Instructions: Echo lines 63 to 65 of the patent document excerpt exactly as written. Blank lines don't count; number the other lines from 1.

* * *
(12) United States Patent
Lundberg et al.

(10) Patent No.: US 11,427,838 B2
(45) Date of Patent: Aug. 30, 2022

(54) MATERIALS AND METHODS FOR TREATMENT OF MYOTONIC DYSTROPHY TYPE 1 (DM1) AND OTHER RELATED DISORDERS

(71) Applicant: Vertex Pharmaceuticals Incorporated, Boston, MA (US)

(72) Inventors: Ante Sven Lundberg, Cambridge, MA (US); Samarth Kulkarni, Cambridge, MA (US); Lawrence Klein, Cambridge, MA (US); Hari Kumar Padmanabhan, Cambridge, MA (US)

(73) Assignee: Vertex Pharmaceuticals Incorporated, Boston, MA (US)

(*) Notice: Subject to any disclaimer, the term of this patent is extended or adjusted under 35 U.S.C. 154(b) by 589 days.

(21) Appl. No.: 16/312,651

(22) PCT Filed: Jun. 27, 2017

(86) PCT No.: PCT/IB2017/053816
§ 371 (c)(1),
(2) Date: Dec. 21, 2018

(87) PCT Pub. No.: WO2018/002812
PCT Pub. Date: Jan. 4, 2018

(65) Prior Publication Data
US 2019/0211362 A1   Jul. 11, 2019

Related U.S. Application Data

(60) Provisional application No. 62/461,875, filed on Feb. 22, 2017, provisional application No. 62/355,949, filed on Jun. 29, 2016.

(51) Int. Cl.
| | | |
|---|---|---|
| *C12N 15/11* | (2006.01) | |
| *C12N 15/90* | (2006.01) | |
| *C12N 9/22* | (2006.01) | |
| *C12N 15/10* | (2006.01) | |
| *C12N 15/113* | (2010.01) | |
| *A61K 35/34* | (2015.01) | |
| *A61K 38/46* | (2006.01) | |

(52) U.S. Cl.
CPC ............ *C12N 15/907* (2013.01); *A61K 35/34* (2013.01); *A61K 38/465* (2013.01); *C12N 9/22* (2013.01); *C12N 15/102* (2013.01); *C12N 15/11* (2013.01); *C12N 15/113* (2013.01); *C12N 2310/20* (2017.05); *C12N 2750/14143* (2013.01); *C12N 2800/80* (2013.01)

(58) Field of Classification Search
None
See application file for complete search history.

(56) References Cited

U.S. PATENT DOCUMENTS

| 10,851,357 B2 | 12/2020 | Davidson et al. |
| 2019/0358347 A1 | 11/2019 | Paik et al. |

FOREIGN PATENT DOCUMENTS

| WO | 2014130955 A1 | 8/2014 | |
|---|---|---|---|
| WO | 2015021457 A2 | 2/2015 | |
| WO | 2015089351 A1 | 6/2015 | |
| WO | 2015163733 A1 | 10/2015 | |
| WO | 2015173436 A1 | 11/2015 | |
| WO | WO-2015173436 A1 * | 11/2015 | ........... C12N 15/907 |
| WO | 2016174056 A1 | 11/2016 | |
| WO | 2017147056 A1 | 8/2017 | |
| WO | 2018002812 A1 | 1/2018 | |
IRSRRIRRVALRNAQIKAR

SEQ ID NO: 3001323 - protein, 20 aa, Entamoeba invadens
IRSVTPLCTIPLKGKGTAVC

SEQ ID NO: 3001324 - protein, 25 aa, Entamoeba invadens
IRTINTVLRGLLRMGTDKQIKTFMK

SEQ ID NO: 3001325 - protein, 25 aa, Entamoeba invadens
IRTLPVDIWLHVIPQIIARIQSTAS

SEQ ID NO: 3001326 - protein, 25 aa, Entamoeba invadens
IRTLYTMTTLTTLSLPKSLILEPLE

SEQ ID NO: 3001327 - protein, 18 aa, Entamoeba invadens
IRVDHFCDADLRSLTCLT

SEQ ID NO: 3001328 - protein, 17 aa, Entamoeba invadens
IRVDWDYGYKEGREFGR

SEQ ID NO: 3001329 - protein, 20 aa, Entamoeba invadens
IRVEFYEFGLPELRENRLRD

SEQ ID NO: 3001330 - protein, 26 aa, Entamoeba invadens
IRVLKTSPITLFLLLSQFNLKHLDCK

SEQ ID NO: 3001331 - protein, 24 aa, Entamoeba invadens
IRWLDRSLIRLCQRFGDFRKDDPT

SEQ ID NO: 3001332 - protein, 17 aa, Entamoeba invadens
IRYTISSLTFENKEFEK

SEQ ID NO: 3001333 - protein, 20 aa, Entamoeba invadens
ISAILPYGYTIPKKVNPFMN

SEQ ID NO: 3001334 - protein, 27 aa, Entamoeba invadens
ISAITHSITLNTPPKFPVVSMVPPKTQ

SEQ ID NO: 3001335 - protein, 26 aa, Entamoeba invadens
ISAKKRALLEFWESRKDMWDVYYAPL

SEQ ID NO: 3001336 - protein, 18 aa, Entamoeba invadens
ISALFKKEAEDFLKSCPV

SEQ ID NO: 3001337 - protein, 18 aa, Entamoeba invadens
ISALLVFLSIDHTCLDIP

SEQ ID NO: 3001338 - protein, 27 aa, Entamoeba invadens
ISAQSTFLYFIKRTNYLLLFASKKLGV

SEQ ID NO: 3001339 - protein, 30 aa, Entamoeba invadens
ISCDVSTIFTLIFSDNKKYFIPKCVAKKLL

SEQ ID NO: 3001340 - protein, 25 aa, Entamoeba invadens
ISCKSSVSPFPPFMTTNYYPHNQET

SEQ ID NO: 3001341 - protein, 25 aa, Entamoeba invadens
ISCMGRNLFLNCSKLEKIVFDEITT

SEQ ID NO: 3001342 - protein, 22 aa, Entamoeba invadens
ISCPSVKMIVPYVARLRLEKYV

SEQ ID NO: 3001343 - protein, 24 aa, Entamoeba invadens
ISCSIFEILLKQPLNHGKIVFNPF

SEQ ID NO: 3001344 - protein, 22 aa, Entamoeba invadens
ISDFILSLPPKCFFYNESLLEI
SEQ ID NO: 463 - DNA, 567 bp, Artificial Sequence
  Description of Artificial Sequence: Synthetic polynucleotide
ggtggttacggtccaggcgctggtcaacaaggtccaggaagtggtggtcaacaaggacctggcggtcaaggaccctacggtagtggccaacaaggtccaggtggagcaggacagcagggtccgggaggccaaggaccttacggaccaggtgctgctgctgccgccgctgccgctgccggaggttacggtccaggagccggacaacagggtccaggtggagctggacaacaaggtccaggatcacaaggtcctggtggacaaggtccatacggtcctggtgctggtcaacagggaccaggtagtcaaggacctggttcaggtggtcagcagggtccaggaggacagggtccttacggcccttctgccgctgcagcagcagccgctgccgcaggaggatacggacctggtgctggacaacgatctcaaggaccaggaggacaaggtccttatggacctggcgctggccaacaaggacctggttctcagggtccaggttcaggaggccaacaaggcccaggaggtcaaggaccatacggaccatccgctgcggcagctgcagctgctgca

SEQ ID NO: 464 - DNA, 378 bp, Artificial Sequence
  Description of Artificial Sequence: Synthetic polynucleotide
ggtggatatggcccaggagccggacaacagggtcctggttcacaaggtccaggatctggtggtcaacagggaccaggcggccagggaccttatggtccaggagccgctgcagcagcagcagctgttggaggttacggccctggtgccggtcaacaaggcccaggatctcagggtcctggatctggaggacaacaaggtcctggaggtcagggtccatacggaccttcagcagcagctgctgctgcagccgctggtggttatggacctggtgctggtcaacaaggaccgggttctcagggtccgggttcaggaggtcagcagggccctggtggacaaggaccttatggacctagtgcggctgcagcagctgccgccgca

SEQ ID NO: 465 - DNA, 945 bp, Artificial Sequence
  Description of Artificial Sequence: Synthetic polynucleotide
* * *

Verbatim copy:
IRVDWDYGYKEGREFGR

SEQ ID NO: 3001329 - protein, 20 aa, Entamoeba invadens
IRVEFYEFGLPELRENRLRD